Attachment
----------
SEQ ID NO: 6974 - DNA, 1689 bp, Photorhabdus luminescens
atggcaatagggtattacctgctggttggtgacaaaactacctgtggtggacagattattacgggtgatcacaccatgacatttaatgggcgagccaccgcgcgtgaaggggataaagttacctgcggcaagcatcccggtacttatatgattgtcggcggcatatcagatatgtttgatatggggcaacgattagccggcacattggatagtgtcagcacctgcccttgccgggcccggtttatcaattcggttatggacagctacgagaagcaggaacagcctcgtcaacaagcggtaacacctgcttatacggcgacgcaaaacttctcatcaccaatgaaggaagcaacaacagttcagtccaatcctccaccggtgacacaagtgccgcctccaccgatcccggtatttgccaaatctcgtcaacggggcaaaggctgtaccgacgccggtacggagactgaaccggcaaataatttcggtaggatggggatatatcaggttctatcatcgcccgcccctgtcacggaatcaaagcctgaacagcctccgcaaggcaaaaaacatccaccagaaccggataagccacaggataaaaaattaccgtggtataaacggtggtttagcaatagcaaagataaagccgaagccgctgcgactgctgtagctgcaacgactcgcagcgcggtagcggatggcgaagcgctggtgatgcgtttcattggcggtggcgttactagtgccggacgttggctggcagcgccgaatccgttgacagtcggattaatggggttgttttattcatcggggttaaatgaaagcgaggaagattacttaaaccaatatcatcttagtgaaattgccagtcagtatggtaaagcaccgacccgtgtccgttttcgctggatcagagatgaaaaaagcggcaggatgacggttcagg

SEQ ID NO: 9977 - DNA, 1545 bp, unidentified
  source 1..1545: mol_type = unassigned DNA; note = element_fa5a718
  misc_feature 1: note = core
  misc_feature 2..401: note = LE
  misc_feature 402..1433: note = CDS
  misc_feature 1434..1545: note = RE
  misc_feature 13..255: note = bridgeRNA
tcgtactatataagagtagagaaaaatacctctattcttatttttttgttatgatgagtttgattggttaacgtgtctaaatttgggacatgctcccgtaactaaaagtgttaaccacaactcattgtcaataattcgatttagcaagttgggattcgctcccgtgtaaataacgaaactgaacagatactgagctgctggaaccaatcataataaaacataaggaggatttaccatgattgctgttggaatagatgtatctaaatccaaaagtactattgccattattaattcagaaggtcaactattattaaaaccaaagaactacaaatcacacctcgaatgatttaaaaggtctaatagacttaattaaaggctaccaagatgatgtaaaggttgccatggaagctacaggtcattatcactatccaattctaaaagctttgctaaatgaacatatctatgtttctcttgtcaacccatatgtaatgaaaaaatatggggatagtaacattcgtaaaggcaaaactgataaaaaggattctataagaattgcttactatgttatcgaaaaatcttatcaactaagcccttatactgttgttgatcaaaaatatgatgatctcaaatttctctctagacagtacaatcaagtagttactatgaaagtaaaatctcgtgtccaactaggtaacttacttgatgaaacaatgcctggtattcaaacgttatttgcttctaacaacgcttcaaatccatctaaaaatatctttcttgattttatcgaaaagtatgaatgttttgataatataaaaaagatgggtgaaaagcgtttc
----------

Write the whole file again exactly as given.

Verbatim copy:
SEQ ID NO: 6974 - DNA, 1689 bp, Photorhabdus luminescens
atggcaatagggtattacctgctggttggtgacaaaactacctgtggtggacagattattacgggtgatcacaccatgacatttaatgggcgagccaccgcgcgtgaaggggataaagttacctgcggcaagcatcccggtacttatatgattgtcggcggcatatcagatatgtttgatatggggcaacgattagccggcacattggatagtgtcagcacctgcccttgccgggcccggtttatcaattcggttatggacagctacgagaagcaggaacagcctcgtcaacaagcggtaacacctgcttatacggcgacgcaaaacttctcatcaccaatgaaggaagcaacaacagttcagtccaatcctccaccggtgacacaagtgccgcctccaccgatcccggtatttgccaaatctcgtcaacggggcaaaggctgtaccgacgccggtacggagactgaaccggcaaataatttcggtaggatggggatatatcaggttctatcatcgcccgcccctgtcacggaatcaaagcctgaacagcctccgcaaggcaaaaaacatccaccagaaccggataagccacaggataaaaaattaccgtggtataaacggtggtttagcaatagcaaagataaagccgaagccgctgcgactgctgtagctgcaacgactcgcagcgcggtagcggatggcgaagcgctggtgatgcgtttcattggcggtggcgttactagtgccggacgttggctggcagcgccgaatccgttgacagtcggattaatggggttgttttattcatcggggttaaatgaaagcgaggaagattacttaaaccaatatcatcttagtgaaattgccagtcagtatggtaaagcaccgacccgtgtccgttttcgctggatcagagatgaaaaaagcggcaggatgacggttcagg

SEQ ID NO: 9977 - DNA, 1545 bp, unidentified
  source 1..1545: mol_type = unassigned DNA; note = element_fa5a718
  misc_feature 1: note = core
  misc_feature 2..401: note = LE
  misc_feature 402..1433: note = CDS
  misc_feature 1434..1545: note = RE
  misc_feature 13..255: note = bridgeRNA
tcgtactatataagagtagagaaaaatacctctattcttatttttttgttatgatgagtttgattggttaacgtgtctaaatttgggacatgctcccgtaactaaaagtgttaaccacaactcattgtcaataattcgatttagcaagttgggattcgctcccgtgtaaataacgaaactgaacagatactgagctgctggaaccaatcataataaaacataaggaggatttaccatgattgctgttggaatagatgtatctaaatccaaaagtactattgccattattaattcagaaggtcaactattattaaaaccaaagaactacaaatcacacctcgaatgatttaaaaggtctaatagacttaattaaaggctaccaagatgatgtaaaggttgccatggaagctacaggtcattatcactatccaattctaaaagctttgctaaatgaacatatctatgtttctcttgtcaacccatatgtaatgaaaaaatatggggatagtaacattcgtaaaggcaaaactgataaaaaggattctataagaattgcttactatgttatcgaaaaatcttatcaactaagcccttatactgttgttgatcaaaaatatgatgatctcaaatttctctctagacagtacaatcaagtagttactatgaaagtaaaatctcgtgtccaactaggtaacttacttgatgaaacaatgcctggtattcaaacgttatttgcttctaacaacgcttcaaatccatctaaaaatatctttcttgattttatcgaaaagtatgaatgttttgataatataaaaaagatgggtgaaaagcgtttc